Use Zai Pits to plant your crops and enjoy the harvest

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Farmers around the country are in the planting season and it is beneficial for any farmer to get to plant their crops and make good produce despite the climatic conditions in their part of the country.

 Zai pits commonly known as planting pits are water harvesting pits which are dug and filled with organic material such as manure or compost. Use of zai pits is a water efficient technology practised in arid and semi arid areas, areas with highly unreliable rainfall like the eastern parts of the country so as to utilise water.

They increase water inflitration and retain moisture for crop production and help to keep moisture close to the root of the crop.

How it’s done

One starts by digging a pit of approximately 2ft by 2ft and 2ft deep. Leave an aproxiamation of one metre between the rows. The measurements always vary depending on the type of crop being planted and the amount of rainful the area receives.

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After digging the pit, apply organic matter and dry plant material such as dry leaves and maize straws which act as mulch that helps prevent evaporation of moisture that the crop utilizes to grow. The kind of organic matter should be light enough to decompose within a very short period.

The farmer then should apply three to four handfuls of soil or well decomposed Farm Yard Manure. Both the organic matter and manure should take upto approximately three quaters of the pit leaving space on top for water accumulation and mulching.

Benefits of Zai pits

Image: Access Agriculture

Use of zai pits is a technology that requires very little input from the farmer yet gives good crop yields and it can be practised by small scale farmers as it is manageble and financially accesible.

The pits improve water management and protects the soil from soil erosion, thus addressing the problem of land degradation and fertility. The pits help in concentrating fertility close to the root zone of the crop.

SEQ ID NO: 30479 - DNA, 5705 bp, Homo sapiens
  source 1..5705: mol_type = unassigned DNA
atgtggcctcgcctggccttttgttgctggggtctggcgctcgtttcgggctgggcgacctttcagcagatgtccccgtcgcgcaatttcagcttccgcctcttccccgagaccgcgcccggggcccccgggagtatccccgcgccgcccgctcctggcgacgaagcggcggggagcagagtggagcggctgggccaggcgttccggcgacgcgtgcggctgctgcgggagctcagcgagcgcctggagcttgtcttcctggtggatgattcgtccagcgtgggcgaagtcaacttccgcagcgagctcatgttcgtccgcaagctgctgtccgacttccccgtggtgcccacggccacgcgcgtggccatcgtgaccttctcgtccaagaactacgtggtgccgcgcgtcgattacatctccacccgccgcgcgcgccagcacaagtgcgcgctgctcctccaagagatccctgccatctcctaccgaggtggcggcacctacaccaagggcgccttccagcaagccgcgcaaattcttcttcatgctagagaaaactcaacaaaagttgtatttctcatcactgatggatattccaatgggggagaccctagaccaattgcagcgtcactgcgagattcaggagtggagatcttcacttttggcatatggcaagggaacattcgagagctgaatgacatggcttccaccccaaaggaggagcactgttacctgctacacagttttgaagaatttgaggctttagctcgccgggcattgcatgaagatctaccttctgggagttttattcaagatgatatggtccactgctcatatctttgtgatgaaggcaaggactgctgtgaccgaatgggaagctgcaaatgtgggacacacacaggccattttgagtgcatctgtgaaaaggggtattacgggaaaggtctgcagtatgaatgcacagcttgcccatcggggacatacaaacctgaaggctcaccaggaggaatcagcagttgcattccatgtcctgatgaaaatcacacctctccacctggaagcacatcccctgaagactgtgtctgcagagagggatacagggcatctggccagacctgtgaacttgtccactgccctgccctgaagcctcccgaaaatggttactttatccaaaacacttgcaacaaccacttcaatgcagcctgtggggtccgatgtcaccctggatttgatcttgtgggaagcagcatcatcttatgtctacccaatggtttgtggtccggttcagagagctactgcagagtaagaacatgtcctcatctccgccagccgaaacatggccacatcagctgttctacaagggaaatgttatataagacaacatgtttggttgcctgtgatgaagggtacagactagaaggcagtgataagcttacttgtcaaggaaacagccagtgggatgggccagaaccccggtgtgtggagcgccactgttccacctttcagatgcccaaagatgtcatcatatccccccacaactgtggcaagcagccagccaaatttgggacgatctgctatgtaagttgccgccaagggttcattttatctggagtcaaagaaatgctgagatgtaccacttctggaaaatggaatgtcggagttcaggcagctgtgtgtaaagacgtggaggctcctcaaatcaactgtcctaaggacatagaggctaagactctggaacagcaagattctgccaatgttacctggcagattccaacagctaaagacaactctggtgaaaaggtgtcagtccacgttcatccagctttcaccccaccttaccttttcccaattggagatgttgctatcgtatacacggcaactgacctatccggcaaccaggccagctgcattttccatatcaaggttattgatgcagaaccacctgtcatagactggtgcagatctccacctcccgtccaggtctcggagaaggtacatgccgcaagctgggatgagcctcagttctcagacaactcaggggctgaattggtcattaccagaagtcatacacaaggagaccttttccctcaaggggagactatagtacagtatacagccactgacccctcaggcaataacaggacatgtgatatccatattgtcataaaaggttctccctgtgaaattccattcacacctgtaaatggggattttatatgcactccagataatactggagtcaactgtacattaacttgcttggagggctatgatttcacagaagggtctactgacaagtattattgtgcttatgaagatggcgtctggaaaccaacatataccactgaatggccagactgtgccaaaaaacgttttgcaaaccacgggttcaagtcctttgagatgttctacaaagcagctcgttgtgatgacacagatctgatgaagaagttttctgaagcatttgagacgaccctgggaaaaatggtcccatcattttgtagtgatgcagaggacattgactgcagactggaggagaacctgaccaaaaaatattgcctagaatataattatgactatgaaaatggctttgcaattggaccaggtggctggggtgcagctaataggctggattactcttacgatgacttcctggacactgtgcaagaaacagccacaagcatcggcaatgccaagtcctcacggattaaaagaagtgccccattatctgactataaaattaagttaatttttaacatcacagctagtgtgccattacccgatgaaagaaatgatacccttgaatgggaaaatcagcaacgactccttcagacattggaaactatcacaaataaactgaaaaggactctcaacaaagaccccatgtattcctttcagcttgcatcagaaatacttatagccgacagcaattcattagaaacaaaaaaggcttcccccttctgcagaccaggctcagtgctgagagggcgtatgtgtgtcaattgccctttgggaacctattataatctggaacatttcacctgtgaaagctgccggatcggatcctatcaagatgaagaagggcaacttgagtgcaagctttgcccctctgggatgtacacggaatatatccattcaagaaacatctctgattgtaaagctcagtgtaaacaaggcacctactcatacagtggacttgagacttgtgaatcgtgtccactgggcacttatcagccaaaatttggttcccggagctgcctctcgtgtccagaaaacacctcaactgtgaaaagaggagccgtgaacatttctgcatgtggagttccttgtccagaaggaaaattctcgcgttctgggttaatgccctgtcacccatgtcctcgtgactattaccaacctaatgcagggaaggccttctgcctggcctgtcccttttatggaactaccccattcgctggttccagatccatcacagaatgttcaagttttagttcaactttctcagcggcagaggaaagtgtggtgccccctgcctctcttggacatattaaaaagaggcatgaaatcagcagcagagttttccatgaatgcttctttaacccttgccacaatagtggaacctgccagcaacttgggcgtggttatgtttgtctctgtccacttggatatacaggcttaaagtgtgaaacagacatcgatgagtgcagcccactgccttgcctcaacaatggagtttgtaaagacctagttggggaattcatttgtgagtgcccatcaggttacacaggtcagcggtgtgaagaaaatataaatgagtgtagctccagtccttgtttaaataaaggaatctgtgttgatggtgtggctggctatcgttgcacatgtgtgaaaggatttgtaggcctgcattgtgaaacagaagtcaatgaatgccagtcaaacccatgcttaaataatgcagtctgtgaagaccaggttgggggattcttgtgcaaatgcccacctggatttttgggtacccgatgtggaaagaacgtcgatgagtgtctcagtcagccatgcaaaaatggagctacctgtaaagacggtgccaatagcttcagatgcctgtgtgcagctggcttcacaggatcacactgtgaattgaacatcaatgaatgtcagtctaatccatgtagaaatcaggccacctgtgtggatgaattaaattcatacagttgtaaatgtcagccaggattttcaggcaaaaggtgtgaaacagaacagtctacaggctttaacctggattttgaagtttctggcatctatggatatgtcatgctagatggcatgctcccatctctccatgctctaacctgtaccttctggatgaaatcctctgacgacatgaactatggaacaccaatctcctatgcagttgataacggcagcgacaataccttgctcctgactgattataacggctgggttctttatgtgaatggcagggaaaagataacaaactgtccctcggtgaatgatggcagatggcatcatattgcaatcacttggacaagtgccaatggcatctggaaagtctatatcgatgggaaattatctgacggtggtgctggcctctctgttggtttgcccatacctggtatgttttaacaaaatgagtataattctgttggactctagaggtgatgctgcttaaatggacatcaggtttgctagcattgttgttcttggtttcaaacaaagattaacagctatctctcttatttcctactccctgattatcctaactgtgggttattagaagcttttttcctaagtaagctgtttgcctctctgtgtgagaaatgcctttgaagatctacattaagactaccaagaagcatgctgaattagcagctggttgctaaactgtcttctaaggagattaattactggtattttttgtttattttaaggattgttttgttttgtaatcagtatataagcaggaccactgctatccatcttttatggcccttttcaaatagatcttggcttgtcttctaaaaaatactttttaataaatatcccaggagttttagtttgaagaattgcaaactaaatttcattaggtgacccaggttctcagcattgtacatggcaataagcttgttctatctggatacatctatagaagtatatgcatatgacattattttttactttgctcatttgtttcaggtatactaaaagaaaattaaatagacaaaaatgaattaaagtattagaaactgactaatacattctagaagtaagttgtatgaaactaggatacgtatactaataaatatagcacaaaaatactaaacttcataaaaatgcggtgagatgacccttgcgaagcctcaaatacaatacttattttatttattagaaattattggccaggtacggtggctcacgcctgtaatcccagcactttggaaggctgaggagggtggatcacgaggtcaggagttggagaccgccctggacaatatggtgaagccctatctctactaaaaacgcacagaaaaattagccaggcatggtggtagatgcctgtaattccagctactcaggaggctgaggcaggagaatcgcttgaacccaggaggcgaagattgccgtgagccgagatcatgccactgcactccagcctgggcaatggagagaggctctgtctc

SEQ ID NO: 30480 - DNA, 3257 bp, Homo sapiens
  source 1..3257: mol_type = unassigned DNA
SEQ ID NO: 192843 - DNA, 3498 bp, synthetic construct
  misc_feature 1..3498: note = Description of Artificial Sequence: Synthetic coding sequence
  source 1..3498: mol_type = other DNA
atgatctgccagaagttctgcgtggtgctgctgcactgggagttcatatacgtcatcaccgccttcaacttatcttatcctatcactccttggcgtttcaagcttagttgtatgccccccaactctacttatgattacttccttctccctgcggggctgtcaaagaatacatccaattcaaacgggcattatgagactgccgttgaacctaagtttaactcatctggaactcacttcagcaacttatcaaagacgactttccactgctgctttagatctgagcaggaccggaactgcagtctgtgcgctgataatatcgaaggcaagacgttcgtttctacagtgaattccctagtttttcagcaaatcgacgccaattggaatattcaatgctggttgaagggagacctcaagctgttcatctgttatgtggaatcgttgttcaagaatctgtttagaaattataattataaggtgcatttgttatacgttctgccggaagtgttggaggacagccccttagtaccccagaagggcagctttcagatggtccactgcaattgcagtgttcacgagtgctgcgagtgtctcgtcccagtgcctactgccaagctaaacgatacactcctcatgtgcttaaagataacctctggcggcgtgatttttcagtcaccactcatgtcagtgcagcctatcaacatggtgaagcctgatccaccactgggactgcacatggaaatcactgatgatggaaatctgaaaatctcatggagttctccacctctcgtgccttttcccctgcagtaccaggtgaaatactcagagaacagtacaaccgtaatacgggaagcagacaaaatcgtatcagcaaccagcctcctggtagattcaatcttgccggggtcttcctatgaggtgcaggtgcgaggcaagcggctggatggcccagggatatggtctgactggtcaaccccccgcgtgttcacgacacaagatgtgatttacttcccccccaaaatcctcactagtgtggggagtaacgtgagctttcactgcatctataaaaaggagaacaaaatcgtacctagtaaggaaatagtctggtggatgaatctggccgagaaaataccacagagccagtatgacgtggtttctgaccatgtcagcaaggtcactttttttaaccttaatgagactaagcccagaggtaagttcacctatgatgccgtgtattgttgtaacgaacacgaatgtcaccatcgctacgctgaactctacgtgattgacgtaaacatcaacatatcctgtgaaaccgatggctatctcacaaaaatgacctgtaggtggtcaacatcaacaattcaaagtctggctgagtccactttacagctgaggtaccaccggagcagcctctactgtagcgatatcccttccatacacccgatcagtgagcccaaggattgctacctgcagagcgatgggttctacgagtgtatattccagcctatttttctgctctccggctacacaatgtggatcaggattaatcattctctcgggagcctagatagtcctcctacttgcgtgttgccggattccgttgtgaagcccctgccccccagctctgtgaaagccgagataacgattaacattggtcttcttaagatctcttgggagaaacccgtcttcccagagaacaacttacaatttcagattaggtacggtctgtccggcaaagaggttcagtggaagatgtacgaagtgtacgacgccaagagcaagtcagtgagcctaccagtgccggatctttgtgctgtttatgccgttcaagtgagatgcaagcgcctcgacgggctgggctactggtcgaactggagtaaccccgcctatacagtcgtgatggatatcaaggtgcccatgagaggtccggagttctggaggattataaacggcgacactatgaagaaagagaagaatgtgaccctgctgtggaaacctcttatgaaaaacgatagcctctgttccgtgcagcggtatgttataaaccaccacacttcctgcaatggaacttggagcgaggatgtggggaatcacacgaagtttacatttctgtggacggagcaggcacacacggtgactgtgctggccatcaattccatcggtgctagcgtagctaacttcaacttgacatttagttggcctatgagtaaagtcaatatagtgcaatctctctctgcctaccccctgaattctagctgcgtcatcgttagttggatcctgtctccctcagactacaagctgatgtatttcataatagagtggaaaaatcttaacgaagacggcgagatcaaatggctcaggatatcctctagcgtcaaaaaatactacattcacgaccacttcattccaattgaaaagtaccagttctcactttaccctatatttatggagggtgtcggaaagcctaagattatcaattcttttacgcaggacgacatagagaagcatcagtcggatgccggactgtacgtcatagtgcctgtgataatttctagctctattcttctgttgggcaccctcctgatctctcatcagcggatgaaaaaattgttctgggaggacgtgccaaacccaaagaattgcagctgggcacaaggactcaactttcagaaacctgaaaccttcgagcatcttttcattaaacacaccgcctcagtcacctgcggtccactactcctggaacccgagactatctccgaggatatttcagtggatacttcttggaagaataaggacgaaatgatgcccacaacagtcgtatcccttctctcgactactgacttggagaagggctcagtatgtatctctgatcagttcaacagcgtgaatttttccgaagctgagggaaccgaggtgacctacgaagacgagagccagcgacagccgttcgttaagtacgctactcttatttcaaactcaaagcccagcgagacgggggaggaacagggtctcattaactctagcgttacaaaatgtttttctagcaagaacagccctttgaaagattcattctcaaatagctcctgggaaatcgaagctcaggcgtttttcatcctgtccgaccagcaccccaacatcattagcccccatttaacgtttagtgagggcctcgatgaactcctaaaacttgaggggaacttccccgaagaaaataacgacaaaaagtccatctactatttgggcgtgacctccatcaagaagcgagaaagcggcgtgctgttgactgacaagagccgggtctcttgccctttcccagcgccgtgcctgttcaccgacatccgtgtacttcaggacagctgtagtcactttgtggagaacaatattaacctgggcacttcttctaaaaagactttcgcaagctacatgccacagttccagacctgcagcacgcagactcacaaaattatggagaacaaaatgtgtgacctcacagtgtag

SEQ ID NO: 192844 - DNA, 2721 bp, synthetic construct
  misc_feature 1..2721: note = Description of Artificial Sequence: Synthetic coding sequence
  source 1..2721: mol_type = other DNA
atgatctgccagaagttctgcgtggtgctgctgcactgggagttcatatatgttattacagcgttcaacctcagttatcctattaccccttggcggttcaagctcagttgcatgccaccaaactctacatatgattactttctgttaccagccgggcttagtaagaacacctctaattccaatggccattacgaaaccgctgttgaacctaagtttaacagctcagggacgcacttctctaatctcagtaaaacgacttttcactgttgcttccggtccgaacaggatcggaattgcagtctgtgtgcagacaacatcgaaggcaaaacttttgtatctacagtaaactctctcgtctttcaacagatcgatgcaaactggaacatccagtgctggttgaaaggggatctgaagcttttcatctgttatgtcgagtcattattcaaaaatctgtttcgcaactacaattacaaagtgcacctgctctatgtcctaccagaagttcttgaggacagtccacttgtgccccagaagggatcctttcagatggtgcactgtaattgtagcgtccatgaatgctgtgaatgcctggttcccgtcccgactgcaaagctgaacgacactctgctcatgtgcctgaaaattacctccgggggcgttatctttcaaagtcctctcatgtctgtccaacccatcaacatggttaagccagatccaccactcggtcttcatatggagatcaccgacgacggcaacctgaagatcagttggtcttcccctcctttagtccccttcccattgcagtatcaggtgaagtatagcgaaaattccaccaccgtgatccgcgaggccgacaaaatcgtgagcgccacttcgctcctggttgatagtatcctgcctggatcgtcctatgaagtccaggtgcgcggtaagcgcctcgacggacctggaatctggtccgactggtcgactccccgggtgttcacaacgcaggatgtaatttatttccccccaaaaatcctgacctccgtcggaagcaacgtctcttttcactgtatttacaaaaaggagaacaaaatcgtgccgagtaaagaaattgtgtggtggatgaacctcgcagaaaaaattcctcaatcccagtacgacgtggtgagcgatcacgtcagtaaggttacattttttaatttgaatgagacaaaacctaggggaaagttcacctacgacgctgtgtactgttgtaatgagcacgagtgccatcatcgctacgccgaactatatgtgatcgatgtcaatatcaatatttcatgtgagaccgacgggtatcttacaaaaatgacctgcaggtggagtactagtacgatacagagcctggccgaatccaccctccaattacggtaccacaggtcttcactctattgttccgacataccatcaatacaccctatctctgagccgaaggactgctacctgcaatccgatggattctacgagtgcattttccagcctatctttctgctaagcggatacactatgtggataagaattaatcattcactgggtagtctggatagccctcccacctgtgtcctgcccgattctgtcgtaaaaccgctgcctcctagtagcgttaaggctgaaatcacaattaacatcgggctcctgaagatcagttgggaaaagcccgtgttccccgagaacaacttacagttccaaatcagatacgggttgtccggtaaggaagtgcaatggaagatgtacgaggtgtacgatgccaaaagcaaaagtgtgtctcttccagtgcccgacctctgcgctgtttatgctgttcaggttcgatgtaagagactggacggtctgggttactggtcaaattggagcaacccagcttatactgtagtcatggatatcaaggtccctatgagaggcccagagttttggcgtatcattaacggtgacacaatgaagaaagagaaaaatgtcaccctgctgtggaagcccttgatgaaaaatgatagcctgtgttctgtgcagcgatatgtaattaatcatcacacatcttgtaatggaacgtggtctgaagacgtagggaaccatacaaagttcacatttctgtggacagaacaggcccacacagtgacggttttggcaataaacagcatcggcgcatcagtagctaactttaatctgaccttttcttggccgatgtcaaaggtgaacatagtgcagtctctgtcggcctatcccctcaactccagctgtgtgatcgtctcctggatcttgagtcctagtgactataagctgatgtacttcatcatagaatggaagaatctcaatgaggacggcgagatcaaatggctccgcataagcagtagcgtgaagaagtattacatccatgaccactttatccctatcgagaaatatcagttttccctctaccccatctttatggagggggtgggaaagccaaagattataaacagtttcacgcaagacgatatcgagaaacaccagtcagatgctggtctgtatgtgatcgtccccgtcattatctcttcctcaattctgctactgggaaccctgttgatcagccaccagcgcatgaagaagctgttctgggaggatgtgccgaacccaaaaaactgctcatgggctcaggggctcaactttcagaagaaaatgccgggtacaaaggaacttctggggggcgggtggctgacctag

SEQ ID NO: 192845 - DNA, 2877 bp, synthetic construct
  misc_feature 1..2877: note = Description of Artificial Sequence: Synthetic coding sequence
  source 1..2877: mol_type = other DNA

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Zai pits can be used in many areas where there is limited rainfall or dry areas.

Harvesting of rain water in the small pits harness water when it rains and the soil/farm yard manure placed in each pit enhances their water harvesting function. The organic matter helps prevent evaporation of mositure and helps retention of water in the soil.

Increases food production. For instance, maize plant, when one plants an aproximate of nine seeds per pit, they can harvest over 12 bags of maize from half an acre shamba, which is a good crop yield to feed a farmers household and it ensures food security.

It promotes the efficient use of limited quantities of of organic matter and prevents seeds and organic matter from being washed away.

It is advisable for farmers to adopt this technology of farming as it has a lot of benefits, despite the labour that comes in making the pits, the yields from that are worth the time and labour.

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With this technology, farmers not only can have enough food for their household but they can also sell the produce and make good profits from it.

Zai pits are slowly becoming important not just to the arid and semi arid parts of the country but in the whole country given that many parts of the country are getting less rainfall and prolonged dry season. Zai pits are relevant due to the ever changing climate.

The farmer cannot only plant maize in the pits but also other crops such as vegetables, for instance kales and spinach. These crops are good for both home consumption and also for sale.